MTV: Tupac turned his troubles to a career that was bigger than ever. His double album Death Row debut, "All Eyez On Me," sold more than 5 million copies, scored a number one single, and included tracks with new label mate, Snoop Doggy Dogg, and Dr. Dre. With three years past since Snoop's last solo release, and the departure of Death Row Co-Founder, Dr. Dre, to start his own label, Tupac became Death Row's artistic centerpiece, as well as its biggest mouthpiece.

Death Row and Tupac shared a common enemy: the New York-based Bad Boy Entertainment. Tupac had earlier implicated Bad Boy Producer, Sean "Puffy" Combs, and star artist, the Notorious B.I.G., in his 1994 shooting.

TUPAC: Bad Boy Records. That's for Bad Boy Records (he winks and holds up the handful of money from signing with Death Row). I love you all.

MTV: But despite his taunts, Tupac realized danger could be around the corner. Back in New York City for this year's Video Music Awards, just three nights before he was shot in Las Vegas, Tupac surrounded himself with bodyguards and clutched a walkie talkie throughout the evening as a security precaution.

(From an interview at the MTV Video Music Awards, September 4, 1996)

TUPAC: We are businessmen. We are not animals. It's not like we''re going to see them and rush them and jump on them. If they see us and they want drama, we''re goin'' to definitely bring it like only Death Row can bring it...

We spoke this week with Ernest Dickerson, who directed Tupac in his big screen debut, "Juice," and asked him what about Tupac might surprise people. Here's what Dickerson told us.

ERNEST DICKERSON, Director, "Juice": I think that he's very introspective. I mean, when we were shooting "Juice," in between takes, he would spend a lot of time by himself, writing. You know, he thinks a lot. He thinks about what's going on in the world, he thinks about what's going on in the neighborhoods. He thinks about what's going on in this country and around the world, and he talks about it in his music. And the thing that I really got from Tupac was that he was always thinking, always at work. His mind was always going.

Tupac Shakur recently finished shooting another movie, called "Gridlock," in which he and Tim Roth play heroin addicts trying to kick their habits. Described as "a buddy film for the 90's," it's due out early next year.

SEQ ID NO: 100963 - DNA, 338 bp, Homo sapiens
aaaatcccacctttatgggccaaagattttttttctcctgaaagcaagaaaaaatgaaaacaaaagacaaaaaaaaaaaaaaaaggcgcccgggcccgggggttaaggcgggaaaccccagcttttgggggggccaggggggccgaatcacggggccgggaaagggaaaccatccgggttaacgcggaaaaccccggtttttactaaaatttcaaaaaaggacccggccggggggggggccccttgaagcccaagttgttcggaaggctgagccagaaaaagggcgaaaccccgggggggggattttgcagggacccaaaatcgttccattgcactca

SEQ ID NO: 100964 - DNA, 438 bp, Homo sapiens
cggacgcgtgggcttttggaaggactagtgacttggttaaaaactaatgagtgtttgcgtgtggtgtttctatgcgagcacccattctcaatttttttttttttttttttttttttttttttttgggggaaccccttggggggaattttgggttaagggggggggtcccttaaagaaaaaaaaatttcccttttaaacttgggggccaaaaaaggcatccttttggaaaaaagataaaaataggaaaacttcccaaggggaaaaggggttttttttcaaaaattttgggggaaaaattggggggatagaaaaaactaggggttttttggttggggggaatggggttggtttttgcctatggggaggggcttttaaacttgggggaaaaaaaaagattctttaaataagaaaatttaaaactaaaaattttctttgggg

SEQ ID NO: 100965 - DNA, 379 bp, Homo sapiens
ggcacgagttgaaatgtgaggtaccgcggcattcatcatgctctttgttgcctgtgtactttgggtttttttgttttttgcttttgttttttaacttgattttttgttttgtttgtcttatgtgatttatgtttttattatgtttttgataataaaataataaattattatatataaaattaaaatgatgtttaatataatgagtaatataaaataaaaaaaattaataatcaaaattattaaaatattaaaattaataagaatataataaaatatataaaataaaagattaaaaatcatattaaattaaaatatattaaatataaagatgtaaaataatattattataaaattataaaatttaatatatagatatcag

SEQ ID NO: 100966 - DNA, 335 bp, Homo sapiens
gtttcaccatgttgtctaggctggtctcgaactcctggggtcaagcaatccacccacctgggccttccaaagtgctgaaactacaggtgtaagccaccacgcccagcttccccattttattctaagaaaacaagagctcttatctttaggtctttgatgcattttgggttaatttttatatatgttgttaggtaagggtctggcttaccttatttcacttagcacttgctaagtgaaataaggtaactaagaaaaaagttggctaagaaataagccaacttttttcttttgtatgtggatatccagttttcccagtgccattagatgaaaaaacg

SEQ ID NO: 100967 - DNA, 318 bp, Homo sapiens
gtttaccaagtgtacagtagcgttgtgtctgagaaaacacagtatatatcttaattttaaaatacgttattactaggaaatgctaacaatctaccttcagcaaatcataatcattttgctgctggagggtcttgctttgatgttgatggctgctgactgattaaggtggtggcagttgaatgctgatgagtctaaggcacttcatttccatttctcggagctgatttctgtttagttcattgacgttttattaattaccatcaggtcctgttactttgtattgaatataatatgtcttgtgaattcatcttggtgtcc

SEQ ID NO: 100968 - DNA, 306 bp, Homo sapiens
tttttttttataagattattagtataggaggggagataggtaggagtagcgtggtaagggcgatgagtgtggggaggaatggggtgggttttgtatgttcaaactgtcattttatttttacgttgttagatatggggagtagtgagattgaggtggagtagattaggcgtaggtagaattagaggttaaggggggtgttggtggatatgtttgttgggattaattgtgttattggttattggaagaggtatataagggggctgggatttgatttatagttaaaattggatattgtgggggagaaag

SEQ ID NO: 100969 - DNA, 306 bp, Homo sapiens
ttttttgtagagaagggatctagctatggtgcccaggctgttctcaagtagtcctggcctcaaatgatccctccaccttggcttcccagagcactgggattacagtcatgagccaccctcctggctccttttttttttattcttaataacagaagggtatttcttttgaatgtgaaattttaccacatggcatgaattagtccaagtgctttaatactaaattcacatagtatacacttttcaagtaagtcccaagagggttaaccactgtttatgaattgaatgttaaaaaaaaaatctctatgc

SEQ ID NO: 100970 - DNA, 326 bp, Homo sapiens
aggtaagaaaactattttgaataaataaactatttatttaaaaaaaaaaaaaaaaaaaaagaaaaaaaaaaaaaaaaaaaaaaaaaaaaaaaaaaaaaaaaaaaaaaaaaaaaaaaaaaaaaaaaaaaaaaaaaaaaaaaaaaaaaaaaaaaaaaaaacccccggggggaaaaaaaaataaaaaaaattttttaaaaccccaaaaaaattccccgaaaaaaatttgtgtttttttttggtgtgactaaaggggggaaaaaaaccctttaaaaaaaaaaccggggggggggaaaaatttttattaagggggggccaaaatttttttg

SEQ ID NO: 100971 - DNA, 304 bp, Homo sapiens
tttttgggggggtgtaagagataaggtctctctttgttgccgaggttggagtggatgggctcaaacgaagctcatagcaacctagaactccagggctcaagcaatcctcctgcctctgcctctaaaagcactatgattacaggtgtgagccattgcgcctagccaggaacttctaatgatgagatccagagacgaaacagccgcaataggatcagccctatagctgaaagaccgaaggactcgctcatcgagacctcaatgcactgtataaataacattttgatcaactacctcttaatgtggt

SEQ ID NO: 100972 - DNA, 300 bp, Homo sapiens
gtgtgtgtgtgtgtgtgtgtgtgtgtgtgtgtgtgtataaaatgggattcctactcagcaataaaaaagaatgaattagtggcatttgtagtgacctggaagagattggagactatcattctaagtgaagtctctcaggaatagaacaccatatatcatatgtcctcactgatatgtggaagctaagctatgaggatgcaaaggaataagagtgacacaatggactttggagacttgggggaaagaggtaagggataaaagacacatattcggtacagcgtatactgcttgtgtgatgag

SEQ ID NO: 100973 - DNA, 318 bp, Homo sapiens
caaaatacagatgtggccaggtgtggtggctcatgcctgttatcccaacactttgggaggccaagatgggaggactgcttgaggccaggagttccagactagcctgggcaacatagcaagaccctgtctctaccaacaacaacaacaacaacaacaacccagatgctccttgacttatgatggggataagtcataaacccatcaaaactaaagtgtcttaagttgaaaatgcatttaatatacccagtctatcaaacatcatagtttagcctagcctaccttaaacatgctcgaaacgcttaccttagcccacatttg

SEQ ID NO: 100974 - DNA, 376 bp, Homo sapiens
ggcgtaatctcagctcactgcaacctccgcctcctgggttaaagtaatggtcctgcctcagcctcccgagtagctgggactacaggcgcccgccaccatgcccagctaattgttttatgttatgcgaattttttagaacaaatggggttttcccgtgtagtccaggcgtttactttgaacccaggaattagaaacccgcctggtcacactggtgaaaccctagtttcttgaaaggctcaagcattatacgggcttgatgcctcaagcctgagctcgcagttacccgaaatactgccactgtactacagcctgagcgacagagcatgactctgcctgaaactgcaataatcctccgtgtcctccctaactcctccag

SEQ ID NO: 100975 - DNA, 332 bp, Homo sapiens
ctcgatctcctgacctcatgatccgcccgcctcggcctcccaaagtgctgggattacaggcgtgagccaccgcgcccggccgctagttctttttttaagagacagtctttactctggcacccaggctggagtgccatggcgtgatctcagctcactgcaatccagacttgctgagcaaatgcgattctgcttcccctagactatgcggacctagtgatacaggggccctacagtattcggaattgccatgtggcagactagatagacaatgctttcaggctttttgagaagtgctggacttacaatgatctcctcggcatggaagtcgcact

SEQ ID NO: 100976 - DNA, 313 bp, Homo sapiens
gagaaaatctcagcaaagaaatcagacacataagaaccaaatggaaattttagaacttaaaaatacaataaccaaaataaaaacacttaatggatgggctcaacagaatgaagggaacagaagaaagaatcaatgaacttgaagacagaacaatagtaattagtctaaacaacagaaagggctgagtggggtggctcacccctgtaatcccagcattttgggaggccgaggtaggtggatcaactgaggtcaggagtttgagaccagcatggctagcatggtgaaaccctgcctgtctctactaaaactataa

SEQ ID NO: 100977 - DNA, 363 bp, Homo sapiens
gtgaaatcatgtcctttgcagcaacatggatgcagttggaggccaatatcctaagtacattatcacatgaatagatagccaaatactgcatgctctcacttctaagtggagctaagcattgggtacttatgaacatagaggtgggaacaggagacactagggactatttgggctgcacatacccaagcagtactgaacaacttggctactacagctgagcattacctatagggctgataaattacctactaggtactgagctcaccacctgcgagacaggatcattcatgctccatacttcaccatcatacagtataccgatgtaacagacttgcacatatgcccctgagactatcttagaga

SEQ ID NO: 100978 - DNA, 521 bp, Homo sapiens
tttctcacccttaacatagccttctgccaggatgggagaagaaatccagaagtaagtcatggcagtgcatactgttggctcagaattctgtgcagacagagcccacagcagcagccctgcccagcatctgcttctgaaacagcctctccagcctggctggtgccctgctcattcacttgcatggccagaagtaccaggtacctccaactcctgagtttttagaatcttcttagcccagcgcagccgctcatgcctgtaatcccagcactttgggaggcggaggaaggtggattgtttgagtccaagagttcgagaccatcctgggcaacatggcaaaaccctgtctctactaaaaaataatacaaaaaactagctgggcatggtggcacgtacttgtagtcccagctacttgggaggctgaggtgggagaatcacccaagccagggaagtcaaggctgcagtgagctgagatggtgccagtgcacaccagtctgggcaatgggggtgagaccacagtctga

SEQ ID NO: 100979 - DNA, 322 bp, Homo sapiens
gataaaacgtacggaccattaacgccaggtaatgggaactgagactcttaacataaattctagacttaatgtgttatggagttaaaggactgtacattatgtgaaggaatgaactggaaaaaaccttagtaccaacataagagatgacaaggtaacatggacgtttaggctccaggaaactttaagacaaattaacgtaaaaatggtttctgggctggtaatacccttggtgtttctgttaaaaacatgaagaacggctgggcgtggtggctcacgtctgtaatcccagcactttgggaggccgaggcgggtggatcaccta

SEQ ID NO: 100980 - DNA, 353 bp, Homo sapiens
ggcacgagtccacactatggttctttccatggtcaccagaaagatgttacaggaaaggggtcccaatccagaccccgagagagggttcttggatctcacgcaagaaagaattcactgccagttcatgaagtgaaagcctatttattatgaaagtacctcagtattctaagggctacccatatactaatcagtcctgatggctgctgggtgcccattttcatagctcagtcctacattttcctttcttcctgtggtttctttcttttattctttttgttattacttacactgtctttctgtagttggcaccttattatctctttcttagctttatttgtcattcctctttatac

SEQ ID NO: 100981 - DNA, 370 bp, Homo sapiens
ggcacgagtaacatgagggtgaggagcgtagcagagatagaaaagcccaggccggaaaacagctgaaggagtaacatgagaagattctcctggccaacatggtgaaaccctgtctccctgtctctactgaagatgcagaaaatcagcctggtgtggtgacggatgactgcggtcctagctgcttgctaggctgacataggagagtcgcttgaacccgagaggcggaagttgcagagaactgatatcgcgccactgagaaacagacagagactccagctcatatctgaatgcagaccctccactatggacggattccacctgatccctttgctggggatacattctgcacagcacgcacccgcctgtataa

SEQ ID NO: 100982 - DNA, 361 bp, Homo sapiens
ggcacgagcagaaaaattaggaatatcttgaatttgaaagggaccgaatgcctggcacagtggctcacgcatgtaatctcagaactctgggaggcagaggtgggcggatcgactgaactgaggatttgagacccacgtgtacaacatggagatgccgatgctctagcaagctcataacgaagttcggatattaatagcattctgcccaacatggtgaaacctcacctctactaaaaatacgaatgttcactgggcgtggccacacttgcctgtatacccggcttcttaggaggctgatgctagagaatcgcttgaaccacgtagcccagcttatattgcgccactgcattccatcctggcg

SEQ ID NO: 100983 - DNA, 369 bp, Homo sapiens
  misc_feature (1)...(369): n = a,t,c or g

Tupac Shakur dead at 25 -

Rapper hit in drive-by shooting last week

September 13, 1996

Web posted at: 10:45 p.m. EDT

LAS VEGAS (CNN) -- Tupac Shakur, the rapper whose raw lyrics seemed a blueprint of his own violent life, died Friday from wounds suffered in a drive-by shooting. He was 25.

Shakur, his mother at his bedside, was pronounced dead at 7:03 p.m. EDT at the University Medical Center in Las Vegas, according to hospital spokeswoman Nancy Collins.

Collins said doctors determined Shakur died from respiratory failure and cardiopulmonary arrest. The rapper had been in a medical-induced coma after having his right lung removed earlier this week.

Shakur was hit by four bullets September 7 as he rode near the Las Vegas Strip in a car driven by the head of Death Row Records, Marion "Suge" Knight, who was slightly wounded. It was the second time in less than two years that the rapper was gunned down.

The Las Vegas attackers got away, and no arrests have been made.

Controversial career

Known simply as 2Pac, with "Thug Life" tattooed across his stomach, Shakur embodied the extremes of pop culture. Fans loved him, buying millions of his records, while politicians and others denounced both him and his lyrics for glorifying violence and drugs and degrading women.

He was born Tupac Amaru Shakur in 1971 in New York City. His mother, Afeni Shakur, is a former Black Panther activist and the inspiration for the touching song "Dear Mama" on his Grammy-nominated album "Me Against The World."

As a member of the Grammy-nominated group Digital Underground, he appeared in 1991 on the track "Same Song" from "This is an EP Release" and on the album "Sons Of The P."